We both pointed out that job loss, ill health and caregiving duties prevent some people in their 60s and 70s from working. They simply can’t find less demanding jobs, new career options, good part-time jobs or flexible schedules. And, we told the committee, negative attitudes about the cost of older workers and their technological competence persist.

What the Senators Said

Collins kicked things off talking about employers “struggling to fill jobs with qualified workers” and the desire of older workers to keep working to shore up their financial security. She mentioned a recent AARP study debunking myths about 50+ workers. And Collins touched on some core concerns of older workers: that “their skills have become out of date,” that they’ve “lost touch with business trends” and age bias of employers “that’s difficult to prove, but widely reported.”

McCaskill, championing older workers, said: “Don’t tell me that you can’t teach an older dog new tricks and don’t tell me that older workers cost too much.” She said employers know it “makes no sense to see (their) best and brightest workers walk out the door at age 55” and need to find ways to “combat this brain drain,” partly by offering phased retirement programs.

She was also concerned about the challenges of health care for older workers, especially those between 60 and 65 who don’t yet qualify for Medicare and ones who work for small businesses where health care isn’t provided.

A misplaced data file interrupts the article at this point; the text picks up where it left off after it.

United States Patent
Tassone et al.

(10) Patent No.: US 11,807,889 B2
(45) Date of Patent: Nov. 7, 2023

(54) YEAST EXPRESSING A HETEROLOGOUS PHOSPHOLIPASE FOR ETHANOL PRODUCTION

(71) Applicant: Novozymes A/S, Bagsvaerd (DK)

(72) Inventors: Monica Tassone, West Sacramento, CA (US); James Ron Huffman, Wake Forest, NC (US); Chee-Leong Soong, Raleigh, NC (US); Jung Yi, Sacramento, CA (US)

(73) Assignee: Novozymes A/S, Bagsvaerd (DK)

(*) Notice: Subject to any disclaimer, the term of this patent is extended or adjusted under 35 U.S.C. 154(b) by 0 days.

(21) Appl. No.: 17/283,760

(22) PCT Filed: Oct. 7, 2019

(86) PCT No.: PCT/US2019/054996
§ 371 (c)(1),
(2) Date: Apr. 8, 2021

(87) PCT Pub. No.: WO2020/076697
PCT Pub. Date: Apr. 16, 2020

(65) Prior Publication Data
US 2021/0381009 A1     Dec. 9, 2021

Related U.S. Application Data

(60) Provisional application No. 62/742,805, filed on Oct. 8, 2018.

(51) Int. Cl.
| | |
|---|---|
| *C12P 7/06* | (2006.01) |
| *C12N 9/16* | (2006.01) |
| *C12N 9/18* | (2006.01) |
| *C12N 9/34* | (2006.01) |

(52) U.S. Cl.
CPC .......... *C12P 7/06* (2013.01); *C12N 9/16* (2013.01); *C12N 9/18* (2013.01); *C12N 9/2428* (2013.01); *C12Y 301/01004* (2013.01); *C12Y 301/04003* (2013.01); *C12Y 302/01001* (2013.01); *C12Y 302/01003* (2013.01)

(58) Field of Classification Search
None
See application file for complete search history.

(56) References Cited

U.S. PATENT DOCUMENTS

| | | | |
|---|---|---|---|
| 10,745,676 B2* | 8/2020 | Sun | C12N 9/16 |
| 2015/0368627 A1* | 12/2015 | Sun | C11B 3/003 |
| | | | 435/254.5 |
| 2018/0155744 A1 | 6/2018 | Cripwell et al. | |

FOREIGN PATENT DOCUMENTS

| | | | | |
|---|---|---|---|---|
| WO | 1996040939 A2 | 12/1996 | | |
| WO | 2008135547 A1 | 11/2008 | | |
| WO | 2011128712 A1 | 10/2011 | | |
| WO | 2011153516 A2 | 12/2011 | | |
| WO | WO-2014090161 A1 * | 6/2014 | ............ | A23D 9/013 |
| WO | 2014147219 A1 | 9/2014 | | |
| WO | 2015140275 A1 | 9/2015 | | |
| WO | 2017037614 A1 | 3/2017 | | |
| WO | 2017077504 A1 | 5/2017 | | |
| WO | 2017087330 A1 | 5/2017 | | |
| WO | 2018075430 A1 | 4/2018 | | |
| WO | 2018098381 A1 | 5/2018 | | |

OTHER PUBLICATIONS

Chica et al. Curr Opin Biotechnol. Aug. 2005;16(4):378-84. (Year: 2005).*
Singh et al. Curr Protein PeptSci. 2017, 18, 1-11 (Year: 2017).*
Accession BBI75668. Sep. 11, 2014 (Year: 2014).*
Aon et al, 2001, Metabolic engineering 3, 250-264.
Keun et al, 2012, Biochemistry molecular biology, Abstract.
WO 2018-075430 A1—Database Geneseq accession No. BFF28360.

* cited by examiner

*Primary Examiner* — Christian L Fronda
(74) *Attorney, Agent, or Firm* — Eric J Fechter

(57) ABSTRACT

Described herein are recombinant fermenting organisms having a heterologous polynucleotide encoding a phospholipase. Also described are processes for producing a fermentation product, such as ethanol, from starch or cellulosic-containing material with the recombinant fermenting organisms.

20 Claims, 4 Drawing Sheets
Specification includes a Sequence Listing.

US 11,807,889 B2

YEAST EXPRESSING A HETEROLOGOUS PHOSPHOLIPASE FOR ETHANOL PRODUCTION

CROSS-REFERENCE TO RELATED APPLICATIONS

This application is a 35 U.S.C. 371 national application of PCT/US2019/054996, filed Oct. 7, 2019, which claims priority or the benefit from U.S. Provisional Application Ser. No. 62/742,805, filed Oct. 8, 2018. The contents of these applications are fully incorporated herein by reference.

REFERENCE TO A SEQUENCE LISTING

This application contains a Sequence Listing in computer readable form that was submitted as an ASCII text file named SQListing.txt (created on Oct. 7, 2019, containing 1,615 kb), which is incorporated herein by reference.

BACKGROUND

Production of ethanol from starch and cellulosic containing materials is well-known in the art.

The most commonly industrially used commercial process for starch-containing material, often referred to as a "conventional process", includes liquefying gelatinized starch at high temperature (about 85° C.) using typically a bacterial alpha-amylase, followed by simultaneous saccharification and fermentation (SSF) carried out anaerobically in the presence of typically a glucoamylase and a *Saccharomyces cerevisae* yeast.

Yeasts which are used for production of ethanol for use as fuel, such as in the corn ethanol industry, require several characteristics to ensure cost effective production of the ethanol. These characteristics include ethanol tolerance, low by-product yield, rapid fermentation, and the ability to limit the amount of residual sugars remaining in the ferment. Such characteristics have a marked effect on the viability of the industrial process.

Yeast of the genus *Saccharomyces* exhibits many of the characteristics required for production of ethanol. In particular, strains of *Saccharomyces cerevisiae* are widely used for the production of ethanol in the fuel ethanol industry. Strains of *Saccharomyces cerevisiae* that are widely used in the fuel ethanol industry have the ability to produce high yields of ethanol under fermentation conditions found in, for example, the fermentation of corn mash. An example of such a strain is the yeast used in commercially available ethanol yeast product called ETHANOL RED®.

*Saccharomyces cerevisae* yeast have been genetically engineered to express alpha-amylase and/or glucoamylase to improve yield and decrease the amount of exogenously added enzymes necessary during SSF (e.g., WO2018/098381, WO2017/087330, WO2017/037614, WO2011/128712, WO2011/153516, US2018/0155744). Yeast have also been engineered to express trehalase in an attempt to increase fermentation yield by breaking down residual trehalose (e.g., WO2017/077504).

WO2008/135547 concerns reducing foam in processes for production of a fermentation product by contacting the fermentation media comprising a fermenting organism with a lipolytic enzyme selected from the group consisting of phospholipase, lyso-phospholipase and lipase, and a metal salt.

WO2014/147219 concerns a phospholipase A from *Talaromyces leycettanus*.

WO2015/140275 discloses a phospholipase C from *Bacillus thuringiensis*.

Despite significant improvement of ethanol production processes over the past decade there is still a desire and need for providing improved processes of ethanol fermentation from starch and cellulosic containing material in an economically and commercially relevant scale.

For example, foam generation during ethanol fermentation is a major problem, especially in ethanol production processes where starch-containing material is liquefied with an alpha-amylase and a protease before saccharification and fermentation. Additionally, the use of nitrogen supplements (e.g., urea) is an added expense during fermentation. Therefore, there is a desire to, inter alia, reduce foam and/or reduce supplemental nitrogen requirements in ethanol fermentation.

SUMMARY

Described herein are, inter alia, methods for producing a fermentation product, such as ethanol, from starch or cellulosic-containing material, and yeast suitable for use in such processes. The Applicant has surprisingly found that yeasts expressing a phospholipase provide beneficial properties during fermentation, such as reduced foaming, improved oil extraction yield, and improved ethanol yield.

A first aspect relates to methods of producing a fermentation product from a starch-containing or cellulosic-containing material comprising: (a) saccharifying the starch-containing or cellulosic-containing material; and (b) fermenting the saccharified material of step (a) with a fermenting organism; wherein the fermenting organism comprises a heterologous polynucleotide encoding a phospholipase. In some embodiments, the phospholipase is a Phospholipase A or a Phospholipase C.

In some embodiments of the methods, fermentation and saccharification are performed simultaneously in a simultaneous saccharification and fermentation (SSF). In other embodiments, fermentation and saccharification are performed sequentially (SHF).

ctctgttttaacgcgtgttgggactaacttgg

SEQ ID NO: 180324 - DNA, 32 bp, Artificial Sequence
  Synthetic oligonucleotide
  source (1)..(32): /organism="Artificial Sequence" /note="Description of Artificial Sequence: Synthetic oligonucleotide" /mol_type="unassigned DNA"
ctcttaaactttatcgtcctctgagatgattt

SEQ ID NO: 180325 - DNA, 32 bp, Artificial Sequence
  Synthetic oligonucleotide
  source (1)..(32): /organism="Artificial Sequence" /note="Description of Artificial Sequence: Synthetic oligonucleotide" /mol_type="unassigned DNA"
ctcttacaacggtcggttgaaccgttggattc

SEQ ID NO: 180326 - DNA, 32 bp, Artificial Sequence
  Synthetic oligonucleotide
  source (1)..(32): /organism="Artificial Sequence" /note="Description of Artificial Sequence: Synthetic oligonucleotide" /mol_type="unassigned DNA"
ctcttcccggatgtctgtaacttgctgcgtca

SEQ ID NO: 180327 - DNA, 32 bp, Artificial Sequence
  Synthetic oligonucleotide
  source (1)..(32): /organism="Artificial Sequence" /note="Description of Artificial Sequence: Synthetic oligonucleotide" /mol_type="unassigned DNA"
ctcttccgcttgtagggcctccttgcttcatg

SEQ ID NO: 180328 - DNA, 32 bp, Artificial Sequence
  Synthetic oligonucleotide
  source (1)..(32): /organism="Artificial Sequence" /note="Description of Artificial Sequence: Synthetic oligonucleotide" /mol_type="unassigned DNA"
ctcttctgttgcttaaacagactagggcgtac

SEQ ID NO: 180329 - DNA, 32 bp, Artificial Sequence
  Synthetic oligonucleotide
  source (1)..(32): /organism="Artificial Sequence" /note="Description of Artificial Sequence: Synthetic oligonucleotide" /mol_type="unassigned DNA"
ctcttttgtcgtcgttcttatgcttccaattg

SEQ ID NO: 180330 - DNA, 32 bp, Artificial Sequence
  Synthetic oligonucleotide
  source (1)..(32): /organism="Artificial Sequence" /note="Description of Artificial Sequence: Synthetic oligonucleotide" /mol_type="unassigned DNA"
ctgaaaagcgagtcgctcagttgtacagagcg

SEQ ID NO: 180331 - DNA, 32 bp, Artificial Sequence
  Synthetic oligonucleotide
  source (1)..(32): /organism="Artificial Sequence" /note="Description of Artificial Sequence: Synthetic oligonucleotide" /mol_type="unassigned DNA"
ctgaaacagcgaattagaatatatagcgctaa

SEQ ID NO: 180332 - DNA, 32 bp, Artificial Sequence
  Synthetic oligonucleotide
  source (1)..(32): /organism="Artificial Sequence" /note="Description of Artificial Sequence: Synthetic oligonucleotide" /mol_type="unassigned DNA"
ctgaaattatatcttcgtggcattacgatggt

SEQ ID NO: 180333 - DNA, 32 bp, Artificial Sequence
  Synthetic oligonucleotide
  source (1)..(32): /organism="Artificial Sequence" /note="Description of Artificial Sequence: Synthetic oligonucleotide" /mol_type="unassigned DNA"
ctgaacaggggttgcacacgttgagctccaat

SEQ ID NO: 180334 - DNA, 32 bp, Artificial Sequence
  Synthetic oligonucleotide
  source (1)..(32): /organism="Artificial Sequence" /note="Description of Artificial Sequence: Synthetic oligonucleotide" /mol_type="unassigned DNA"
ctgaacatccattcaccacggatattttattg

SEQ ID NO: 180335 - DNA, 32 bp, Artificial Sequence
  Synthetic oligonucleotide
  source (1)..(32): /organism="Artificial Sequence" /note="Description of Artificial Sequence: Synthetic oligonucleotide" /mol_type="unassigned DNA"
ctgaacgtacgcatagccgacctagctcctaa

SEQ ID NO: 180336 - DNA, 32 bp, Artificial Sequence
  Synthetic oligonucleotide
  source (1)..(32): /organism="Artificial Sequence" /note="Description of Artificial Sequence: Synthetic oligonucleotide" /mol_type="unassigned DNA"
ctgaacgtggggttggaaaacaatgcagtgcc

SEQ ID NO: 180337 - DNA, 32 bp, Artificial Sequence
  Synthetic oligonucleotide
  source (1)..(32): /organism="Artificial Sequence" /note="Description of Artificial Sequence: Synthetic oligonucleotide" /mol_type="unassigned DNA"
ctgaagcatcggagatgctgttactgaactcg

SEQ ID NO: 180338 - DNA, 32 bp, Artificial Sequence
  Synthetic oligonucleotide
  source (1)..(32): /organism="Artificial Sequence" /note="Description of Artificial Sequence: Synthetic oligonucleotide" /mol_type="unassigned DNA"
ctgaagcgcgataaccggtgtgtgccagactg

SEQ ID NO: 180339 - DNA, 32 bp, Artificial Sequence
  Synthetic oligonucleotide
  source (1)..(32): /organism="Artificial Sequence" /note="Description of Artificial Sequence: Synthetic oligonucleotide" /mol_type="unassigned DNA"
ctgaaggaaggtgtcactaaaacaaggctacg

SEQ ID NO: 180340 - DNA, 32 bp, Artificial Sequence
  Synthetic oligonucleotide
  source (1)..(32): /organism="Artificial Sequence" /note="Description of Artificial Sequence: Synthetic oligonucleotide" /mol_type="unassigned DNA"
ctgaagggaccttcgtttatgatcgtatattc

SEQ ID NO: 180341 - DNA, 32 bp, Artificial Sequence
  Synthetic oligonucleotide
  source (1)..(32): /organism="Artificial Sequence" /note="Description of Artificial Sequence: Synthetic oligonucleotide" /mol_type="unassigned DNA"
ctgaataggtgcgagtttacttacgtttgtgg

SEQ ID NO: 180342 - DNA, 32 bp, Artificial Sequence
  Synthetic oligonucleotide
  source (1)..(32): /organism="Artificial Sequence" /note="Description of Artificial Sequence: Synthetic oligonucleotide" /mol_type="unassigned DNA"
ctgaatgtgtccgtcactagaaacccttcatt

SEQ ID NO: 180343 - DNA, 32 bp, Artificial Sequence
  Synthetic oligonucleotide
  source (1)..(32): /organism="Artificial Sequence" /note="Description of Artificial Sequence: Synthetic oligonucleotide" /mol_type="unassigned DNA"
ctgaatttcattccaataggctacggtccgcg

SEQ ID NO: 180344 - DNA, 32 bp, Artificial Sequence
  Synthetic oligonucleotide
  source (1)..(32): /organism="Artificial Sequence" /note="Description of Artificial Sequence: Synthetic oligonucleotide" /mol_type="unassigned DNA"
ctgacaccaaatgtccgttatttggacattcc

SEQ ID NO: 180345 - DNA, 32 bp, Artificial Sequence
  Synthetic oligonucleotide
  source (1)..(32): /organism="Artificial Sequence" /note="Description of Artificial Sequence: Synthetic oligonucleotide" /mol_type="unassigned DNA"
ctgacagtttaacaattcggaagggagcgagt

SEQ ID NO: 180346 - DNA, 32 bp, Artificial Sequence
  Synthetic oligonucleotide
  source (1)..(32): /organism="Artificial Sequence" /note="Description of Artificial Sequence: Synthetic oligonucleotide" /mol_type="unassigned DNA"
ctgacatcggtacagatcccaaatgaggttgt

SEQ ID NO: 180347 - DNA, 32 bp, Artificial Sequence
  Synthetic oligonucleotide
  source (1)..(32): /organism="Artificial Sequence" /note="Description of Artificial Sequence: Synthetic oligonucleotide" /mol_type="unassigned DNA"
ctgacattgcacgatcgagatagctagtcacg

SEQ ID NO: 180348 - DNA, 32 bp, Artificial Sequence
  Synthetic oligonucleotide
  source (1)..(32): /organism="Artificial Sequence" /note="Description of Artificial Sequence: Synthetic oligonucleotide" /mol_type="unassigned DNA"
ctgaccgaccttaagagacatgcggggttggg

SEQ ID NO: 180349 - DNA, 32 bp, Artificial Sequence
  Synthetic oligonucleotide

Kaine, who said his 80-year-old dad works at a local charity, emphasized that more employers need to be more flexible to recruit top workers of all ages.

Making a Worksite Better for Older Workers

What caught my attention from Nordman’s testimony was that when she bought the handbag manufacturer in 2013, she upgraded the equipment to be more ergonomic for her older workers. It was expensive, but improved production time, she said.

The new equipment, for instance, lets her workers sit, rather than stand, at the machines and reduces repetitive motion, which is not only a huge savings on joints but has practically eliminated hand cutting. While she said her firm couldn’t afford to pay health benefits, employees can set their own hours and receive paid sick days, vacation days and holidays.

Nordman joked that one thing she likes about having older employees: “There’s less turnover, less texting, less boyfriend drama….”

That got a laugh from the Senators.

Social Security Disability Benefits

One unexpected discussion, at least for me, came when Warren asked Rix about how the Social Security Disability Insurance program works, saying “one of the biggest economic challenges facing older workers is the increased risk of becoming disabled and unable to work.”